In our class Charlie was known as the little scientist. When we learned about sea stars and crabs he shared what he knew about their defense mechanisms and things they ate and the type of habitat they lived in and the texture of their skin and the type of family they were from, “Not a family like a brother or sister, Mr. Huson, a family of animals that are like that animal,” and so on.
He would literally just want to talk and talk about a subject for huge chunks of time. And when he did, the kids listened.
I remember one lesson about weather when I said, “This is something that scientists spend many hours doing and studying.”
A student raised her hand and said, “Ah, Mr. Huson, Charlie is a scientist,” inferring we should ask him.
My response was, “Yes, yes, he is,” and I just looked at him and smiled.”
Charlie’s grandparents observed that he was an artist and an engineer as well. His time was consumed with constructing things from cardboard, paper, tape, Legos®, tinker toys and play dough.
Charlie’s 2012 New Year’s resolution was to build a new special project every week, and he was on track to make that goal so far this year. He was enthralled with the progress of the addition being built on the house the past couple of months and loved to help Grandpa whenever he could. For his 7th birthday last month, Charlie was disappointed that the winter storm and power outage prevented most of the guests from coming. But the computer he got from his grandparents made up for it, and he spent hours playing educational games on it.
He loved learning facts. He called non-fiction books, “real books”, and he had an amazing ability to remember what he learned.
Charlie parted this life on February 5, 2012 but his funny, bright, compassionate personality lives on with all who knew him. He, too, is safe in his mother’s arms, enveloped in the grace of their Savior, Jesus Christ.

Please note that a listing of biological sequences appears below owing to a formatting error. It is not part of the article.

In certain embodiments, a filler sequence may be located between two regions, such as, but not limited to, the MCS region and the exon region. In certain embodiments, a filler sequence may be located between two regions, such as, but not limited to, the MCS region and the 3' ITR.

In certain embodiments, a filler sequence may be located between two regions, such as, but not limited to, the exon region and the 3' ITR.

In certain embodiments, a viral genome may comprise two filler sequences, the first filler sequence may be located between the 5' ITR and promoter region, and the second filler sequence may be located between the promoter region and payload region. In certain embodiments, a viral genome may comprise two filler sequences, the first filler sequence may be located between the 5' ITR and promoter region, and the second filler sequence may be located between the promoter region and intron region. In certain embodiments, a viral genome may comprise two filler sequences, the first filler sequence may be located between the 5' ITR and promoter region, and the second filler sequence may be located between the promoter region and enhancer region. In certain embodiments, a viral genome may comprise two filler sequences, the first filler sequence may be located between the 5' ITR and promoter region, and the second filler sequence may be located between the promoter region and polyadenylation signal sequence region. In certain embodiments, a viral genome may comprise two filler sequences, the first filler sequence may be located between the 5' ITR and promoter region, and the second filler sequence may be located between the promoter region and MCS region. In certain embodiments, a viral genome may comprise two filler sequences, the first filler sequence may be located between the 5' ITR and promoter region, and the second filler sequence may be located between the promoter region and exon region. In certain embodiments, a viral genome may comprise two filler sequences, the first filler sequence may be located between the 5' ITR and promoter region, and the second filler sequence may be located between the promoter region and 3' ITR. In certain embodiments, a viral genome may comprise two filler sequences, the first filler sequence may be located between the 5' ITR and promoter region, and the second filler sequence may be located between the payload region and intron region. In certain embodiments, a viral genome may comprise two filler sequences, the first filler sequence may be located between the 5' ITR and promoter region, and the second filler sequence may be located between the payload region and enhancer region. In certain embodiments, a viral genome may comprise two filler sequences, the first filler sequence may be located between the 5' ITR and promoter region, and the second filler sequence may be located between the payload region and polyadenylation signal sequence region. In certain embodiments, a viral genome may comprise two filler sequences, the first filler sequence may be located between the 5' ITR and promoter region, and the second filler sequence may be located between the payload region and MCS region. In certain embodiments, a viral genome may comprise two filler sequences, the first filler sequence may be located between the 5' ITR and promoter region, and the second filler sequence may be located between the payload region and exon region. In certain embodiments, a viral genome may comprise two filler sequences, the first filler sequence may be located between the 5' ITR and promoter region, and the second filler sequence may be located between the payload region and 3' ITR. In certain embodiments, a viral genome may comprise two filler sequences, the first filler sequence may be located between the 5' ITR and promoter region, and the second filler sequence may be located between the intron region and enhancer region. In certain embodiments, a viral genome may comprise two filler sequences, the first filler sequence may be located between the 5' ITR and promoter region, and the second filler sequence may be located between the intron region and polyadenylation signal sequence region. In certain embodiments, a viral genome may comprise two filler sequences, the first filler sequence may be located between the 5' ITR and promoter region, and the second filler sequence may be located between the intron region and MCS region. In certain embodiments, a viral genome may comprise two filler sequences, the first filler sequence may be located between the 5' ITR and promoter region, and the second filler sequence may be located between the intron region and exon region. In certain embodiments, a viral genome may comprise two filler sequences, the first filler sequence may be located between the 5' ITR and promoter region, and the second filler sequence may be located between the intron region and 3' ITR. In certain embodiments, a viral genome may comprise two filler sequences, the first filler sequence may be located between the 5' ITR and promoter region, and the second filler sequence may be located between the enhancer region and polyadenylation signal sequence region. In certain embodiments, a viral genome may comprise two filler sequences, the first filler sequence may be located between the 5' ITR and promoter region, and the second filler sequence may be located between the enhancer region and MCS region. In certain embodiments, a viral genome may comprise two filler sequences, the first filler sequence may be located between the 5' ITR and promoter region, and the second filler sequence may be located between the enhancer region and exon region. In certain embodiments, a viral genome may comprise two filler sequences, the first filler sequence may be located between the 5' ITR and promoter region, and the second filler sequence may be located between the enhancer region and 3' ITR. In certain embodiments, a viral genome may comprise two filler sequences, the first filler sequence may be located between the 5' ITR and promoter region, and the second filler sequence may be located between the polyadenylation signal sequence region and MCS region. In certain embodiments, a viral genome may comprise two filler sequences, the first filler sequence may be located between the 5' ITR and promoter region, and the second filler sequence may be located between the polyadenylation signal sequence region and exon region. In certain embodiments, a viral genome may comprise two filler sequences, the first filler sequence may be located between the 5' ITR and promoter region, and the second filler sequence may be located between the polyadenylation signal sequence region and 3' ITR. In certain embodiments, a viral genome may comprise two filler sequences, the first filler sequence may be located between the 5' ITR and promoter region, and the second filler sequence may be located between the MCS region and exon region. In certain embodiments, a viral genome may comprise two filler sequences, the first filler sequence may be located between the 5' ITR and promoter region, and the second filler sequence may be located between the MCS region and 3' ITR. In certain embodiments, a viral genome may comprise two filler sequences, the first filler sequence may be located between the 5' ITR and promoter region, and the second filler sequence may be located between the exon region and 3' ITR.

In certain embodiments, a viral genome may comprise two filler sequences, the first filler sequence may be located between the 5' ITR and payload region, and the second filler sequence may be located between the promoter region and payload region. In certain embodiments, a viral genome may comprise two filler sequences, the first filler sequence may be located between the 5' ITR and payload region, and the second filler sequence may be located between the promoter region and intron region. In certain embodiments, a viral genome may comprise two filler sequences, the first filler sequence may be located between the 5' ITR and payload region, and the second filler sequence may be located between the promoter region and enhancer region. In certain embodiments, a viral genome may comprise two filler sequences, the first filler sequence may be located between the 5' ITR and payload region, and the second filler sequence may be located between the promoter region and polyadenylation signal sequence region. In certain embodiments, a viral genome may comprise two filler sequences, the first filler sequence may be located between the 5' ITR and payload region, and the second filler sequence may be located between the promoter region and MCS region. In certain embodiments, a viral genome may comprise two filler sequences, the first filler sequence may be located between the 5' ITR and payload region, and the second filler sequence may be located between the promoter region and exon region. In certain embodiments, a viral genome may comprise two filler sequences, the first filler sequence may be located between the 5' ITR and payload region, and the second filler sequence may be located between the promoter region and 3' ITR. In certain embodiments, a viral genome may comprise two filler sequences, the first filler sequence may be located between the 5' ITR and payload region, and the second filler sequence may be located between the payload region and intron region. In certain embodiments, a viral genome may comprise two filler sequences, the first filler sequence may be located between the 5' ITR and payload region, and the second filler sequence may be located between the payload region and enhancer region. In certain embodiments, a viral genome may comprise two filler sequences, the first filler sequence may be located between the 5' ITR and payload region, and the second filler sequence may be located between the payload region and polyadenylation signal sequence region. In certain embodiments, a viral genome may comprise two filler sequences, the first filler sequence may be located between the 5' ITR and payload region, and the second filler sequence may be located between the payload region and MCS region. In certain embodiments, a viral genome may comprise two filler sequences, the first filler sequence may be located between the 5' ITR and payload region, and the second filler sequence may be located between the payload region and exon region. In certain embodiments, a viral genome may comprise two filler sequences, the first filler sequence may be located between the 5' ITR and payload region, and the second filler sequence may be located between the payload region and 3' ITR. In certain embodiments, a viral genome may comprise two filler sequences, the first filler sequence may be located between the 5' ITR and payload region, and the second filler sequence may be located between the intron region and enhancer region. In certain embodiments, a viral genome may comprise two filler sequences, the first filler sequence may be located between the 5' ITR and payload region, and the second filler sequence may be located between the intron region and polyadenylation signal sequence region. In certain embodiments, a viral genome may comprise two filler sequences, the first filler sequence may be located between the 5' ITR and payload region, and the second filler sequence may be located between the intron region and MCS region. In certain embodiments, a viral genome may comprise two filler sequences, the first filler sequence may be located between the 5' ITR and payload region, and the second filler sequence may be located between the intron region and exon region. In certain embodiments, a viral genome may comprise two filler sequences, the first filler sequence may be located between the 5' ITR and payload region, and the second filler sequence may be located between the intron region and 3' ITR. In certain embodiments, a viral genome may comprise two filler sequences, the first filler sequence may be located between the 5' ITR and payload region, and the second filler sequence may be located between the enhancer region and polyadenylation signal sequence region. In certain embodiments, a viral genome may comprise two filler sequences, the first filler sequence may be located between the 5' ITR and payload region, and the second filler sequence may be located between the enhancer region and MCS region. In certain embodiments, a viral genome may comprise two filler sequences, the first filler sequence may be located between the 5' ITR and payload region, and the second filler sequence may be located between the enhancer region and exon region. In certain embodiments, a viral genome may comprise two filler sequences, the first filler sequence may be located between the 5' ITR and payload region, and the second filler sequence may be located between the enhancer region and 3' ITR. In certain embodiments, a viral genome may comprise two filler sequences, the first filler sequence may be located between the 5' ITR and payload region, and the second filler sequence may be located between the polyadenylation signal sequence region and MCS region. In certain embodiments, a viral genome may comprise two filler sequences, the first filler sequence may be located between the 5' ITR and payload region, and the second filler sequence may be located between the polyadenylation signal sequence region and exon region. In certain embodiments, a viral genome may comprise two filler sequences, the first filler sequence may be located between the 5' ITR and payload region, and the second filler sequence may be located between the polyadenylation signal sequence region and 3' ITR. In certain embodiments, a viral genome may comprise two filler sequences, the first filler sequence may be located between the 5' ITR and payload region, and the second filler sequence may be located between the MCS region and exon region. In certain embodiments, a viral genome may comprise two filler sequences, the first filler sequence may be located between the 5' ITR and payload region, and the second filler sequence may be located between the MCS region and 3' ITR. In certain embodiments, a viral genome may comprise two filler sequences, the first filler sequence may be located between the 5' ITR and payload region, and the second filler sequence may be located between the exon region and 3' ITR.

We will miss him, but he will not be forgotten.
Braden Timothy Powell
Braden Timothy Powell was born on January 2, 2007 in Salt Lake City, Utah. He was blessed in the Church of Jesus Christ of Latter-day Saints and attended the Hunter 36th Ward. His first three years were spent in West Valley City where he thrived on vegetables from his mother’s garden, her homemade bread and pies. Braden loved playing with his cousins, Aunt Jenny and Uncle Kirk, and other family friends.
At Daydreams and Fun Things Childcare with Debbie Caldwell, Braden and his brother enjoyed outings to the zoo and the Wheeler Farm. Picnics at parks were a favorite family past time. Braden and his best friend, Leif, would sit and play trucks for a long time. One of his former day-care mates recalls that Braden and Charlie were always losing their socks, a habit that continued, and she said they always stood by each other.
Since December of 2009, the boys resided in South Hill, Washington. They attended the YMCA summer camp in 2010, where they began making new friends with teachers and children there.
Most recently Braden was enrolled in the YMCA Pre-K School where he was well known for telling exciting stories. Teacher Miss Candace said that Braden walked through the doors everyday with a big smile on his face.
Braden loved being at school with the other children. He was kind and attentive to other’s needs and was a ready helper to set up the next activity.
At meal or snack times he attended to the needs of his classmates, making sure they had enough to eat. He was polite and considerate.
Braden had a sharp mind and big imagination. He loved building whatever he could envision with brightly colored magnetic blocks, tinker toys, and Legos. When his latest invention was finished, he wanted everyone to see it. He was also a budding puzzle master. He could do 48-piece puzzles by himself, and when his brother tired of doing a 100-piece puzzle with Grandpa, Braden would finish it with Grandpa.
Braden had a contagious joyful energy, and he was a tease! He played a cat and mouse game where he tried to bate one teacher in order to tag another. With a huge smile on his angelic face he would give Miss Kristin that look like, “You gonna come and get me?” If Kristin pretended not to see him, he would yell, “Hey! Come chase me Miss Kristin!” When playing “Red Light, Green Light”, he would trip and fall when the teacher said “Yellow”, and then jump up and say he was alright. Braden was also a tickle monster. He loved to tickle and be tickled. He was physically strong and never tired of running.
Braden loved playing outside in his grandparents’ backyard, often trailing big brother Charlie, and hunting frogs and catching insects. He liked to help Grandma gather produce from her garden, too. Sticks and dirt and rocks became his toys and tools in the outdoors.
Braden had enthusiasm for life and took pleasure in everything. He especially enjoyed holidays and birthdays. Last Halloween, he was excited to be the Transformer Bumble Bee. He celebrated his 5th birthday last month with a family dinner party complete with birthday cake, candles and presents. He had a wonderful time surrounded by so many on whom he could shower his affection.
Orange was Braden’s favorite color. Anything that was orange was his, or it should have been, according toBraden. He saved the orange blocks for the tallest of his skyscrapers.